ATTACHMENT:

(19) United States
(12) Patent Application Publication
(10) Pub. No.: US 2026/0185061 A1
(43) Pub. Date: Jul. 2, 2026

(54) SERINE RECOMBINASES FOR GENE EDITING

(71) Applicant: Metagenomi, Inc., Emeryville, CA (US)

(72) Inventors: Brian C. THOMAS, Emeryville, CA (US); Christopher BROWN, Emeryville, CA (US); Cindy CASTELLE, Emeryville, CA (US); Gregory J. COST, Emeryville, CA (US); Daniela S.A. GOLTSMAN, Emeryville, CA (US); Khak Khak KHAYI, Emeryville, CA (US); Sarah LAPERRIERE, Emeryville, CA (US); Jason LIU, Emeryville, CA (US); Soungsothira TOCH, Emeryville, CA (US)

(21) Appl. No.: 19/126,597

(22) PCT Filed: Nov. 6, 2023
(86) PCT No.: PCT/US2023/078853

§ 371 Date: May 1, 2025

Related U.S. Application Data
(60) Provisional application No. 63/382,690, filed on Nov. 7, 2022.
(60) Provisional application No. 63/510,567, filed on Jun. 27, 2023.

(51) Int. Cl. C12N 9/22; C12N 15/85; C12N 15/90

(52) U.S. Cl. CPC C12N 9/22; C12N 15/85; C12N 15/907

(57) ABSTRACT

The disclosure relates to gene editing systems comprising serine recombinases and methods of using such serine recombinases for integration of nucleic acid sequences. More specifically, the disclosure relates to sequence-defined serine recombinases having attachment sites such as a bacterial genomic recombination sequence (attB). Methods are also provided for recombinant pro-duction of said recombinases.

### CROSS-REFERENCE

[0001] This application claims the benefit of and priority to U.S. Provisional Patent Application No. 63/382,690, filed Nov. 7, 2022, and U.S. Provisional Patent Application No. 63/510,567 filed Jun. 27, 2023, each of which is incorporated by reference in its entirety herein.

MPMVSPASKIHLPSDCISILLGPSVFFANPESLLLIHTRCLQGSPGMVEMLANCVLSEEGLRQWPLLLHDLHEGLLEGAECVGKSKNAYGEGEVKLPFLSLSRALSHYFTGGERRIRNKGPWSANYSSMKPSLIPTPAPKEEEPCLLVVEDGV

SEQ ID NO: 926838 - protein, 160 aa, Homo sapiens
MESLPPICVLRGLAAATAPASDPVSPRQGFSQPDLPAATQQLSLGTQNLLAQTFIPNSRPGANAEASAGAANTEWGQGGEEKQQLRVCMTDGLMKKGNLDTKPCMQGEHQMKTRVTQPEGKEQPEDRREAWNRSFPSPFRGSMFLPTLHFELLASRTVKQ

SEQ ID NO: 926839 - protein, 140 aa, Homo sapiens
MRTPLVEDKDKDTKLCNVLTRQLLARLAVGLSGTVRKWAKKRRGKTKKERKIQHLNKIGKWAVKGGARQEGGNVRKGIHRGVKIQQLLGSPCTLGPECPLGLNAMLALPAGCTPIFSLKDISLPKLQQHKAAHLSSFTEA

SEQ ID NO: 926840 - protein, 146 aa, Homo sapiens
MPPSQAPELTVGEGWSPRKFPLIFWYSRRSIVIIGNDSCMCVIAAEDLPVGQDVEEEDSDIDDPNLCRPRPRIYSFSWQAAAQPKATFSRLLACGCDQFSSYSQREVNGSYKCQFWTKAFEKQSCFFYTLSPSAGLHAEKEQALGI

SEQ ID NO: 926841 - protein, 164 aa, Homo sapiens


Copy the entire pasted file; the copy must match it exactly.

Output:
(19) United States
(12) Patent Application Publication
(10) Pub. No.: US 2026/0185061 A1
(43) Pub. Date: Jul. 2, 2026

(54) SERINE RECOMBINASES FOR GENE EDITING

(71) Applicant: Metagenomi, Inc., Emeryville, CA (US)

(72) Inventors: Brian C. THOMAS, Emeryville, CA (US); Christopher BROWN, Emeryville, CA (US); Cindy CASTELLE, Emeryville, CA (US); Gregory J. COST, Emeryville, CA (US); Daniela S.A. GOLTSMAN, Emeryville, CA (US); Khak Khak KHAYI, Emeryville, CA (US); Sarah LAPERRIERE, Emeryville, CA (US); Jason LIU, Emeryville, CA (US); Soungsothira TOCH, Emeryville, CA (US)

(21) Appl. No.: 19/126,597

(22) PCT Filed: Nov. 6, 2023
(86) PCT No.: PCT/US2023/078853

§ 371 Date: May 1, 2025

Related U.S. Application Data
(60) Provisional application No. 63/382,690, filed on Nov. 7, 2022.
(60) Provisional application No. 63/510,567, filed on Jun. 27, 2023.

(51) Int. Cl. C12N 9/22; C12N 15/85; C12N 15/90

(52) U.S. Cl. CPC C12N 9/22; C12N 15/85; C12N 15/907

(57) ABSTRACT

The disclosure relates to gene editing systems comprising serine recombinases and methods of using such serine recombinases for integration of nucleic acid sequences. More specifically, the disclosure relates to sequence-defined serine recombinases having attachment sites such as a bacterial genomic recombination sequence (attB). Methods are also provided for recombinant pro-duction of said recombinases.

### CROSS-REFERENCE

[0001] This application claims the benefit of and priority to U.S. Provisional Patent Application No. 63/382,690, filed Nov. 7, 2022, and U.S. Provisional Patent Application No. 63/510,567 filed Jun. 27, 2023, each of which is incorporated by reference in its entirety herein.

MPMVSPASKIHLPSDCISILLGPSVFFANPESLLLIHTRCLQGSPGMVEMLANCVLSEEGLRQWPLLLHDLHEGLLEGAECVGKSKNAYGEGEVKLPFLSLSRALSHYFTGGERRIRNKGPWSANYSSMKPSLIPTPAPKEEEPCLLVVEDGV

SEQ ID NO: 926838 - protein, 160 aa, Homo sapiens
MESLPPICVLRGLAAATAPASDPVSPRQGFSQPDLPAATQQLSLGTQNLLAQTFIPNSRPGANAEASAGAANTEWGQGGEEKQQLRVCMTDGLMKKGNLDTKPCMQGEHQMKTRVTQPEGKEQPEDRREAWNRSFPSPFRGSMFLPTLHFELLASRTVKQ

SEQ ID NO: 926839 - protein, 140 aa, Homo sapiens
MRTPLVEDKDKDTKLCNVLTRQLLARLAVGLSGTVRKWAKKRRGKTKKERKIQHLNKIGKWAVKGGARQEGGNVRKGIHRGVKIQQLLGSPCTLGPECPLGLNAMLALPAGCTPIFSLKDISLPKLQQHKAAHLSSFTEA

SEQ ID NO: 926840 - protein, 146 aa, Homo sapiens
MPPSQAPELTVGEGWSPRKFPLIFWYSRRSIVIIGNDSCMCVIAAEDLPVGQDVEEEDSDIDDPNLCRPRPRIYSFSWQAAAQPKATFSRLLACGCDQFSSYSQREVNGSYKCQFWTKAFEKQSCFFYTLSPSAGLHAEKEQALGI

SEQ ID NO: 926841 - protein, 164 aa, Homo sapiens